September is the Month of Mobility at Read/Write Web, I've decided. This month I'm going to explore the intersection between the Web and mobile devices. Principally mobile phones and PDA's, although there's also a trend of convergence of those two devices into "smart phones". And let's not forget new ground-breaking devices such as the iPod, the Tablet, and the Sony Librie eBook reader. I'm interested in how all these mobile devices, not just intersect, but collide with the Web. For often it's messy, as I've already discovered with my experiments with Bluetooth. It will get simpler though and the iPod is perhaps showing the way for all mobile devices in this regard.
Why the sudden interest in mobility as a theme in web technology? Simple, I've just got a new mobile phone to replace my old 90's model (which last week a friend bluntly labeled "a brick"). My new phone, a Sharp GX15, is pxt/video and bluetooth-enabled.
Now the truth is, I've taken far too long to come around to the mobile phone revolution. This is particularly ironic, as I used to work for Ericsson - one of the world's biggest cellphone and mobile internet companies. I was there when WAP was in its infancy and broadband hadn't yet arrived to properly support it. At that point in my life, I was pre-occupied with the network computer version of the Web and so I was busy learning ASP and designing portals and so forth. So WAP was a curiosity at best for me back then.
Mobile Devices Market Penetration
Fast-forward to 2004 and mobile phones rule the technology world. According to MyMobile magazine, 70% of New Zealanders have a mobile phone. Not bad considering it was only 10% in 1995! ZDNet reports that Europe has "between 60 percent and 70 percent" mobile phone penetration, the US has about 50% penetration, Japan 60%, Korea 70% and Singapore 80%. China is a growth market - currently it's only at 20% but it's predicted to reach nearly 25% by end of this year. Given China's huge population, that is a significant number of people!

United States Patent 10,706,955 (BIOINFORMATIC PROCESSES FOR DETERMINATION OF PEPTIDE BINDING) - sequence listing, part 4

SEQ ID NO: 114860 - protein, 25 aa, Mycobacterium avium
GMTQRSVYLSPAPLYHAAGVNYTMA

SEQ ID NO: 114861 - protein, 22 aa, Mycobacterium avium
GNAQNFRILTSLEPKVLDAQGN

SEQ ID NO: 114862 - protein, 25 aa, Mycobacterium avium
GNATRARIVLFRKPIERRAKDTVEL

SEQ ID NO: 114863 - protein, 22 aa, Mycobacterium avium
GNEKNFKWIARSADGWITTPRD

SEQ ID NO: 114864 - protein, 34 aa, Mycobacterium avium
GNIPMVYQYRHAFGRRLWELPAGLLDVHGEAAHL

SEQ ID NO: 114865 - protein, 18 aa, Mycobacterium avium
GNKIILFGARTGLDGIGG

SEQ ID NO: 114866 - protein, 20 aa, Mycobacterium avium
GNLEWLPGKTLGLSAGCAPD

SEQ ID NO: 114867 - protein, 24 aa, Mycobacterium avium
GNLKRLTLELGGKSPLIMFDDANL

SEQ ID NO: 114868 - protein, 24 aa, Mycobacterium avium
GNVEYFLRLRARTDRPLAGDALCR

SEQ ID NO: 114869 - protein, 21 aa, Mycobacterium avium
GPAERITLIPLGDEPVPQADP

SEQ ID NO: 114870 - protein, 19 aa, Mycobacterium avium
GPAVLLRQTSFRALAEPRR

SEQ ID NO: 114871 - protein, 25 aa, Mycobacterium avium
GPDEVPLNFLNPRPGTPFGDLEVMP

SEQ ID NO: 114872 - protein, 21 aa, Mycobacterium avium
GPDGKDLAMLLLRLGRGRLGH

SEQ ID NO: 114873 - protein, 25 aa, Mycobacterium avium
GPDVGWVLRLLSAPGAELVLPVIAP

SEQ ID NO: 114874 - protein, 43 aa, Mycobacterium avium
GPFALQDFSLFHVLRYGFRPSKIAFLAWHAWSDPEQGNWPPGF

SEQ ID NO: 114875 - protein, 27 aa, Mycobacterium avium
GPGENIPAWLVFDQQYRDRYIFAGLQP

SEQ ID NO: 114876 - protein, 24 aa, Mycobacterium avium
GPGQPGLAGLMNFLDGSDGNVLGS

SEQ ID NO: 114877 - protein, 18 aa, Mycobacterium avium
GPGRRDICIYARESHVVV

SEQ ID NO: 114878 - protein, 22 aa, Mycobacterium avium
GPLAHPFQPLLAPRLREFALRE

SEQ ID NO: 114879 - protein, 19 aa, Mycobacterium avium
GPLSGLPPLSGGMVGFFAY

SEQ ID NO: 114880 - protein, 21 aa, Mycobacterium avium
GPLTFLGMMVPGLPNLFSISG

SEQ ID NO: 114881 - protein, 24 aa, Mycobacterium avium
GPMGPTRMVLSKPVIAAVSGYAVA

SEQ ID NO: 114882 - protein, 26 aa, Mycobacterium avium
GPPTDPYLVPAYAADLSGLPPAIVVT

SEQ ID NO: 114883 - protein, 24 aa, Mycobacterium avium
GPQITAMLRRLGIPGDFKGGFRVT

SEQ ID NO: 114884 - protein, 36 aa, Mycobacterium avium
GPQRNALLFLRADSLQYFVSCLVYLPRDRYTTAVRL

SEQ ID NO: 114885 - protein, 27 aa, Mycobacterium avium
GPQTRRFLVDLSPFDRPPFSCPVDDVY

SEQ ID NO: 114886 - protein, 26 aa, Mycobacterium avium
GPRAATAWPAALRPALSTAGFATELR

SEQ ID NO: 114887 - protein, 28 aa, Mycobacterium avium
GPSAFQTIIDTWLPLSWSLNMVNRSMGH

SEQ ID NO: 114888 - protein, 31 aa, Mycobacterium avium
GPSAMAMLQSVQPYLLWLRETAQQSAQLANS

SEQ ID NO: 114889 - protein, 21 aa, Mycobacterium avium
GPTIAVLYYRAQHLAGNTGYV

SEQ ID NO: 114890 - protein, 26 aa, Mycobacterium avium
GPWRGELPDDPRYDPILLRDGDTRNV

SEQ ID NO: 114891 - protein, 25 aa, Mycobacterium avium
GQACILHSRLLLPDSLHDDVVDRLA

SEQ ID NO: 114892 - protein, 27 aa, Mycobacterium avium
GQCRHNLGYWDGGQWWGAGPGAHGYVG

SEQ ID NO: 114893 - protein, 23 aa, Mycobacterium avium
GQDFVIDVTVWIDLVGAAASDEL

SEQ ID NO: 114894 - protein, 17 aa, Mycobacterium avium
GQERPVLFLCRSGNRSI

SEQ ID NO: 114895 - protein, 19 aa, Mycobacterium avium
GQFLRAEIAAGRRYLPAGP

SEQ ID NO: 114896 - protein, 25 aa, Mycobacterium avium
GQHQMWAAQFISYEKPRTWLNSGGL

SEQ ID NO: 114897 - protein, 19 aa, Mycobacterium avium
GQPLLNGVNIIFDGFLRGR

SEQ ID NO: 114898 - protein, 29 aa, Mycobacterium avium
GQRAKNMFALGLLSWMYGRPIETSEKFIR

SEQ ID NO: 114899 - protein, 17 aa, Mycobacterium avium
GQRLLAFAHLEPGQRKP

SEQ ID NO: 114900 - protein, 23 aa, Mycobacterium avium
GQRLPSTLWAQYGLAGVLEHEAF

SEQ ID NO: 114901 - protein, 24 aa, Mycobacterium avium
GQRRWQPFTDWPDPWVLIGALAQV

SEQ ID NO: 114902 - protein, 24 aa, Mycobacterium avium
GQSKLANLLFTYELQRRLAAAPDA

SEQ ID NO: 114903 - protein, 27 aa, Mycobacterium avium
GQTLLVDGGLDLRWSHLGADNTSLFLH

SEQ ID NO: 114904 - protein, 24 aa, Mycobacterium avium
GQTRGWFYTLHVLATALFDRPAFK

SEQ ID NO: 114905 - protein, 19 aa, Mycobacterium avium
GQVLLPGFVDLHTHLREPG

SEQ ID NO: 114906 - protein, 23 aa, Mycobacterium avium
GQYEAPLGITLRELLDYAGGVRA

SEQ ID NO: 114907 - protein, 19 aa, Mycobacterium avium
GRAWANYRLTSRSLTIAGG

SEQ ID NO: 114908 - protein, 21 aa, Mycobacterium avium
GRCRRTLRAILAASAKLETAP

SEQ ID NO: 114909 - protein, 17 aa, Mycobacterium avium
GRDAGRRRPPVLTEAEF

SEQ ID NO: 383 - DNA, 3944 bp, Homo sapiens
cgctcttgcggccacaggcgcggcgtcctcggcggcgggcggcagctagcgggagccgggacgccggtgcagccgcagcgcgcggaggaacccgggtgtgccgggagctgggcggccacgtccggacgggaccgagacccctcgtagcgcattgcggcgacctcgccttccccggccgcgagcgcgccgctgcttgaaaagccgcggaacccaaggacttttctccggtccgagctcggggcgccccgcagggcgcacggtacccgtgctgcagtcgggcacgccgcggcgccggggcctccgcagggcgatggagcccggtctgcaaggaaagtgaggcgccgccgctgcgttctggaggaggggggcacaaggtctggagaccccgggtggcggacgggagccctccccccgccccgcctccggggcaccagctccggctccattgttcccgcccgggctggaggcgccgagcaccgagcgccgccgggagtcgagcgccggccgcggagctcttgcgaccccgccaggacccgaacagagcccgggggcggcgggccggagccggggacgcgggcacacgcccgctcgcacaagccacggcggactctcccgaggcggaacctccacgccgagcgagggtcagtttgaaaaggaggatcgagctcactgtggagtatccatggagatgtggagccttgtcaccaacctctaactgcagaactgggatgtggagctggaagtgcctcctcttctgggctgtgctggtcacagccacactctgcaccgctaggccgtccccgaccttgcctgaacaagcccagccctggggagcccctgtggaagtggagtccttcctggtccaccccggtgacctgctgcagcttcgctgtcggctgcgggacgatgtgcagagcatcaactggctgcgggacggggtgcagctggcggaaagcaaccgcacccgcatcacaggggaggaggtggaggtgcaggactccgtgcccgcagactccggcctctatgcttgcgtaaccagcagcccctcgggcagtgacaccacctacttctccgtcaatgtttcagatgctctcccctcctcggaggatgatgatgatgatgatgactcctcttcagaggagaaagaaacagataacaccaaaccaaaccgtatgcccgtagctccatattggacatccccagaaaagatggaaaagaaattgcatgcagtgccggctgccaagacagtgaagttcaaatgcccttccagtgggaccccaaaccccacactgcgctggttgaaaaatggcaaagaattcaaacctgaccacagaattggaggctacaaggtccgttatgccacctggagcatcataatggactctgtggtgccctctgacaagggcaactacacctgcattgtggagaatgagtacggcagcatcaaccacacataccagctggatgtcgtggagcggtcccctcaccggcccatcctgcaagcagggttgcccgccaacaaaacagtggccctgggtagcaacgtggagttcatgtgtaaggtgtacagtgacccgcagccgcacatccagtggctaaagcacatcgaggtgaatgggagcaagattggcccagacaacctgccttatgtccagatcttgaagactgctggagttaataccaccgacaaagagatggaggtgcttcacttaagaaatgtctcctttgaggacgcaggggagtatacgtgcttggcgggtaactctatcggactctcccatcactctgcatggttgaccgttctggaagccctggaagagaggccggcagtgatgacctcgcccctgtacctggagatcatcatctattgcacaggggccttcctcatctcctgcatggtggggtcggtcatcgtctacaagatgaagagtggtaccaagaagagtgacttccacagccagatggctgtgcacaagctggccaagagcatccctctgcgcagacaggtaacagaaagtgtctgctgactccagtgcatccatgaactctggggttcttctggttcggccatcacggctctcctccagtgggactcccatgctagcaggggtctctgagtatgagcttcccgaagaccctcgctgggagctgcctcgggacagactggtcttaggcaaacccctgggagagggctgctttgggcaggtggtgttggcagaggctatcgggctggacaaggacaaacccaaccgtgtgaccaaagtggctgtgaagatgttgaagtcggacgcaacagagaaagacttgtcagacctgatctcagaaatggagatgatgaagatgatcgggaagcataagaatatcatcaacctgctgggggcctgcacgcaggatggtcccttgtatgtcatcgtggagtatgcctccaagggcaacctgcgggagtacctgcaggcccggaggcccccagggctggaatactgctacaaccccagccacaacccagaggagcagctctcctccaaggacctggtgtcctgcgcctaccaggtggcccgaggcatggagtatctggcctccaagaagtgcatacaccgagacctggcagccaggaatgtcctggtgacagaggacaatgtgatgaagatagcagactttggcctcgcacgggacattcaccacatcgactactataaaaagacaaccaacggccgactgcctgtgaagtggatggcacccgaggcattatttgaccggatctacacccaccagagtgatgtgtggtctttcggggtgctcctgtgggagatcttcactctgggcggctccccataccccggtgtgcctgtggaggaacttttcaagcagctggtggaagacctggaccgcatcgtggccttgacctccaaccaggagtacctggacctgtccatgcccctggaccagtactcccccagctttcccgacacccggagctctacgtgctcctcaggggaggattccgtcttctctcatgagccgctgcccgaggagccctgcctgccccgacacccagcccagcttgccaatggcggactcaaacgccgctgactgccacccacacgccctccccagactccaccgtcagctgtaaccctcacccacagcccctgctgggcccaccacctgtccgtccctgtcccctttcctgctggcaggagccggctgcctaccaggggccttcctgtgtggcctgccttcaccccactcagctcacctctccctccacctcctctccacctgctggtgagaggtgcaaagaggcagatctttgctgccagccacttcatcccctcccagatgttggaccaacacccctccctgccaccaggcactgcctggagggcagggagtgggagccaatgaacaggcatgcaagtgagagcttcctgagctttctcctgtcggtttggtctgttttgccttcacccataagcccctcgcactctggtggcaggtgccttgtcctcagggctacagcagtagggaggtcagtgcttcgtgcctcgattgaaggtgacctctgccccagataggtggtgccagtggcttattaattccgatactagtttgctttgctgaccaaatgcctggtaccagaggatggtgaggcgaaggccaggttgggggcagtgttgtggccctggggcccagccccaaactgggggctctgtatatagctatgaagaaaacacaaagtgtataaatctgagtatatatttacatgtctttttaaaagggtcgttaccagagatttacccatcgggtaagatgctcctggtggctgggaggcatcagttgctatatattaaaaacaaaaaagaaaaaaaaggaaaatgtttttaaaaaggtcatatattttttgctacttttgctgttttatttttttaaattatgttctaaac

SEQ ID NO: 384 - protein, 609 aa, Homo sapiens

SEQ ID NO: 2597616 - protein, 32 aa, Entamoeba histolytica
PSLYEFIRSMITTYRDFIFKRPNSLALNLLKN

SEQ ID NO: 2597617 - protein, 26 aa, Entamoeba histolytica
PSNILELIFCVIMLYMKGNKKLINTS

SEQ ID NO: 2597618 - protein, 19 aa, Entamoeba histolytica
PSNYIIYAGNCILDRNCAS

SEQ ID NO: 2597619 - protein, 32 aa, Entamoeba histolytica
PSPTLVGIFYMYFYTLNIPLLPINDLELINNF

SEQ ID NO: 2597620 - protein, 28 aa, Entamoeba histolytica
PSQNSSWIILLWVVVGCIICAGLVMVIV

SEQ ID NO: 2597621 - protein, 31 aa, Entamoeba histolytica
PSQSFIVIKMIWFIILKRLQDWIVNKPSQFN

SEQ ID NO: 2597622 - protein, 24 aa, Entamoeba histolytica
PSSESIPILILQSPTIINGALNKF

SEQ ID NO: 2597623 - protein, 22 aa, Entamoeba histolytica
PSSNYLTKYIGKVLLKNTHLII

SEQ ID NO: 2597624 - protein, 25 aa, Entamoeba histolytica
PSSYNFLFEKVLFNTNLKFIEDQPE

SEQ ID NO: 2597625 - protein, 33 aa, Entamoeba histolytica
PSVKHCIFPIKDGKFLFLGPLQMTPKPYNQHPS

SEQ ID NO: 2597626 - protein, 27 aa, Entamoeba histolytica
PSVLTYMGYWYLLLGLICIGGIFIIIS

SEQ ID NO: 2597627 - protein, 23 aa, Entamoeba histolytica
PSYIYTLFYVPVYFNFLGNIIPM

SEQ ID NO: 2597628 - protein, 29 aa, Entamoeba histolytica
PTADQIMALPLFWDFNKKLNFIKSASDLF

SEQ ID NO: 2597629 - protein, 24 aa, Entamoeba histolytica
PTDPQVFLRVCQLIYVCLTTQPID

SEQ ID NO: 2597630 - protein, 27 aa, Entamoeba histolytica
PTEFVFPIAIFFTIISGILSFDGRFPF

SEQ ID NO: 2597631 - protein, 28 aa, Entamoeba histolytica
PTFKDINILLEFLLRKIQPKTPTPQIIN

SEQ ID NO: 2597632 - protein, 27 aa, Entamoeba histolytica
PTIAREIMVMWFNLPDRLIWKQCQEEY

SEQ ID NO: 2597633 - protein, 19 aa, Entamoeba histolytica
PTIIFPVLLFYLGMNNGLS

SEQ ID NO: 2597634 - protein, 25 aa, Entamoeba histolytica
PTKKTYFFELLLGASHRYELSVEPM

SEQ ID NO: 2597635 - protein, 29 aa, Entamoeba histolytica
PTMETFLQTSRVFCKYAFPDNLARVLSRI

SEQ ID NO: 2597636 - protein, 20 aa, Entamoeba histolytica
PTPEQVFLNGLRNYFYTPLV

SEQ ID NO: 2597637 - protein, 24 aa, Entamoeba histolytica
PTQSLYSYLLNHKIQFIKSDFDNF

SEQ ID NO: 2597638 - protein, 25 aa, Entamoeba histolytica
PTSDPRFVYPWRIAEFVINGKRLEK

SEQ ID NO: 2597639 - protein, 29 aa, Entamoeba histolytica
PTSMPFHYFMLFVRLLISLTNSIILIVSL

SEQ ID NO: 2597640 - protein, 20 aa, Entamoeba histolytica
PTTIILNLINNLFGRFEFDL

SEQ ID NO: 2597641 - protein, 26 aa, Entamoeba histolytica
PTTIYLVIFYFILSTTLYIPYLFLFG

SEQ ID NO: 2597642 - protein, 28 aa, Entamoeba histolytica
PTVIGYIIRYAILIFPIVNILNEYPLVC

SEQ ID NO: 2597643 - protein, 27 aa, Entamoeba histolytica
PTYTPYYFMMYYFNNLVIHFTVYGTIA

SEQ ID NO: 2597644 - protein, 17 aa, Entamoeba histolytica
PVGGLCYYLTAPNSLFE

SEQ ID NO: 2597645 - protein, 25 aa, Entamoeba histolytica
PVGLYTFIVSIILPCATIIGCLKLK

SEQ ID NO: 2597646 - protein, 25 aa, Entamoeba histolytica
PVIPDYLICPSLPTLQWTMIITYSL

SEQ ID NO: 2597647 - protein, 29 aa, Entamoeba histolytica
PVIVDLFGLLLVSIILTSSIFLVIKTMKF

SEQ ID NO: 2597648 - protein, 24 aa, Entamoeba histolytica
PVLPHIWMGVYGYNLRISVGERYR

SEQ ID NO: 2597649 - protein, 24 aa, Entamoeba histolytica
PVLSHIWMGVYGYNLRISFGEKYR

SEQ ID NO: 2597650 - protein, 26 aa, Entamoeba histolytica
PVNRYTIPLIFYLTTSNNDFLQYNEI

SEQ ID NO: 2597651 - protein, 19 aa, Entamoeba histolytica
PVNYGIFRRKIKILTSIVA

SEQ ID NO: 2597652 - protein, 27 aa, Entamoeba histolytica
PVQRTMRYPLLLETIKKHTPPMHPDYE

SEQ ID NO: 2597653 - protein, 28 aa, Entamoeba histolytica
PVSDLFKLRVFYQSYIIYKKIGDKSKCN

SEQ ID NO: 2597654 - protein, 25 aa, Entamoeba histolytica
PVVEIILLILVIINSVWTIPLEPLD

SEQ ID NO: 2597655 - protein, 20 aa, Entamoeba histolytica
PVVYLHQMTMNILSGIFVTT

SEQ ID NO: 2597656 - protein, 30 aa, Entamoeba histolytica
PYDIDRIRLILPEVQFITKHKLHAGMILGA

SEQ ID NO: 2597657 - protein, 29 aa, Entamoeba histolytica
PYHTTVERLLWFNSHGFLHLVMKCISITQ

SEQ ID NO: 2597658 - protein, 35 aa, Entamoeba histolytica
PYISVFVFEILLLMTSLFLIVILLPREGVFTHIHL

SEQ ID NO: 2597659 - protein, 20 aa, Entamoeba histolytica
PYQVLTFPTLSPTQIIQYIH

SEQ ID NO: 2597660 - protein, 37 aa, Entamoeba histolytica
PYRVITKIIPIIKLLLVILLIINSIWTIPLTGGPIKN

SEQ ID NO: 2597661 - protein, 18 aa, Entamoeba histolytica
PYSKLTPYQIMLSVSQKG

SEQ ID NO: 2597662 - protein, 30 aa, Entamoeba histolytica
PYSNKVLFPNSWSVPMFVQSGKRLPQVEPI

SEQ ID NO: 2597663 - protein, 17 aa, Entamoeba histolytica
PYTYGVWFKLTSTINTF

PDA penetration by comparison is low. It was around 7% in the USA at the beginning of 2004, according to Jupiter Research. So you can see why PDA manufacturers like Palm want to get into the "smart phone" market - the future is mobile phones.
Another one to make this point is DrunkenBlog, who says that the iPod's days are numbered:
"An iPod Mini is going to make a much better mobile music player than your cell phone. But when your cell phone has 5 gigabytes of storage and bluetooth headphones.... the writing is on the wall here."
Hype becomes Reality
So it seems all the hype I was in the middle of at Ericsson at the dawn of the 21st century is beginning to come to pass in 2004. Mobile phones are the centre of convergence - voice, data, Web, music, eBooks, PIMs, email, you name it.
I'll be investigating this convergence over the coming weeks and I'll mostly focus on where Web mobility is at circa 2004, rather than speculate about the future. On that note, I've now subscribed to Flickr and have set up (yet another) blog - ricmac photos. This will be used as a fun space for me to upload a bunch of try-hard artsy-fartsy photos. Warning: if you're looking for photos with real artistic merit, you shouldn't look at my photoblog :-) Try Cristian's instead, it is much better.
In my next post, I'll explore some of the current technical issues surrounding Web mobility. We're still at a stage where people have to technically configure their various mobile devices and synch things together with a variety of "loosely-coupled" applications. So I'll talk about this in my next post.